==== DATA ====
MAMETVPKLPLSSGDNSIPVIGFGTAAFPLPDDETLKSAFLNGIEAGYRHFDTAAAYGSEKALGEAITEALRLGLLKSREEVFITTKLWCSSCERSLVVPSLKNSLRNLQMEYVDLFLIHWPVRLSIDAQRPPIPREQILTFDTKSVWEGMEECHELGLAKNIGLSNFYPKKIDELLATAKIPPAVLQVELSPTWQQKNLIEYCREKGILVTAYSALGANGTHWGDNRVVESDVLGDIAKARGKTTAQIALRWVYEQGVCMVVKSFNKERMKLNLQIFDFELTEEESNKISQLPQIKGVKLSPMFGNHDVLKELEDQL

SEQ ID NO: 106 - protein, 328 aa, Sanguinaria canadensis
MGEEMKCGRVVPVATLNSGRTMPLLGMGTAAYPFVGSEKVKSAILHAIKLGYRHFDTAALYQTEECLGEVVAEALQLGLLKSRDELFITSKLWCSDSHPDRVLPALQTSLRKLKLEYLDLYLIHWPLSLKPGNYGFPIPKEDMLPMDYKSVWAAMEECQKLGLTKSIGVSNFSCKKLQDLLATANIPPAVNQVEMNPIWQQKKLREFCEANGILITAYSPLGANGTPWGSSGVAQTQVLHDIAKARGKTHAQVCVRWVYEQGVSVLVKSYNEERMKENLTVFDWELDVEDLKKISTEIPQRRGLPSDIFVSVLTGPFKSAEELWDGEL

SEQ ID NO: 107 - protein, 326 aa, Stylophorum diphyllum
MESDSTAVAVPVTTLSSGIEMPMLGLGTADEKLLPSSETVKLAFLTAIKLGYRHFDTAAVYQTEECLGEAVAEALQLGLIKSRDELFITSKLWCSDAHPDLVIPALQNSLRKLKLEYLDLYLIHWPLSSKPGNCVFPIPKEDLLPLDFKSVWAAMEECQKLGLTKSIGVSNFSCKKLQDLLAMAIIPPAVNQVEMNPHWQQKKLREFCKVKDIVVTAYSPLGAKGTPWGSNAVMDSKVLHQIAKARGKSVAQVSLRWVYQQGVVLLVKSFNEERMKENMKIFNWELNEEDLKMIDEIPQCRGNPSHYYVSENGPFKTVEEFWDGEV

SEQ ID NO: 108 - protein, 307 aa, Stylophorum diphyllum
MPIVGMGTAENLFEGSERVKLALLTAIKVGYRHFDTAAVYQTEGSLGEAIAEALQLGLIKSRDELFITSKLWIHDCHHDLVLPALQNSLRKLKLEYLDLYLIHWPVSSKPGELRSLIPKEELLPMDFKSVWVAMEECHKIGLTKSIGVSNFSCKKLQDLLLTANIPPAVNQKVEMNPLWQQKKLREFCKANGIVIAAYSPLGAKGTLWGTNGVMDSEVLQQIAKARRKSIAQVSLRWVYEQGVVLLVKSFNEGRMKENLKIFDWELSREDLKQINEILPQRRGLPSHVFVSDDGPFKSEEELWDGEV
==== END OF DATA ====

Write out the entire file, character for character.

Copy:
MAMETVPKLPLSSGDNSIPVIGFGTAAFPLPDDETLKSAFLNGIEAGYRHFDTAAAYGSEKALGEAITEALRLGLLKSREEVFITTKLWCSSCERSLVVPSLKNSLRNLQMEYVDLFLIHWPVRLSIDAQRPPIPREQILTFDTKSVWEGMEECHELGLAKNIGLSNFYPKKIDELLATAKIPPAVLQVELSPTWQQKNLIEYCREKGILVTAYSALGANGTHWGDNRVVESDVLGDIAKARGKTTAQIALRWVYEQGVCMVVKSFNKERMKLNLQIFDFELTEEESNKISQLPQIKGVKLSPMFGNHDVLKELEDQL

SEQ ID NO: 106 - protein, 328 aa, Sanguinaria canadensis
MGEEMKCGRVVPVATLNSGRTMPLLGMGTAAYPFVGSEKVKSAILHAIKLGYRHFDTAALYQTEECLGEVVAEALQLGLLKSRDELFITSKLWCSDSHPDRVLPALQTSLRKLKLEYLDLYLIHWPLSLKPGNYGFPIPKEDMLPMDYKSVWAAMEECQKLGLTKSIGVSNFSCKKLQDLLATANIPPAVNQVEMNPIWQQKKLREFCEANGILITAYSPLGANGTPWGSSGVAQTQVLHDIAKARGKTHAQVCVRWVYEQGVSVLVKSYNEERMKENLTVFDWELDVEDLKKISTEIPQRRGLPSDIFVSVLTGPFKSAEELWDGEL

SEQ ID NO: 107 - protein, 326 aa, Stylophorum diphyllum
MESDSTAVAVPVTTLSSGIEMPMLGLGTADEKLLPSSETVKLAFLTAIKLGYRHFDTAAVYQTEECLGEAVAEALQLGLIKSRDELFITSKLWCSDAHPDLVIPALQNSLRKLKLEYLDLYLIHWPLSSKPGNCVFPIPKEDLLPLDFKSVWAAMEECQKLGLTKSIGVSNFSCKKLQDLLAMAIIPPAVNQVEMNPHWQQKKLREFCKVKDIVVTAYSPLGAKGTPWGSNAVMDSKVLHQIAKARGKSVAQVSLRWVYQQGVVLLVKSFNEERMKENMKIFNWELNEEDLKMIDEIPQCRGNPSHYYVSENGPFKTVEEFWDGEV

SEQ ID NO: 108 - protein, 307 aa, Stylophorum diphyllum
MPIVGMGTAENLFEGSERVKLALLTAIKVGYRHFDTAAVYQTEGSLGEAIAEALQLGLIKSRDELFITSKLWIHDCHHDLVLPALQNSLRKLKLEYLDLYLIHWPVSSKPGELRSLIPKEELLPMDFKSVWVAMEECHKIGLTKSIGVSNFSCKKLQDLLLTANIPPAVNQKVEMNPLWQQKKLREFCKANGIVIAAYSPLGAKGTLWGTNGVMDSEVLQQIAKARRKSIAQVSLRWVYEQGVVLLVKSFNEGRMKENLKIFDWELSREDLKQINEILPQRRGLPSHVFVSDDGPFKSEEELWDGEV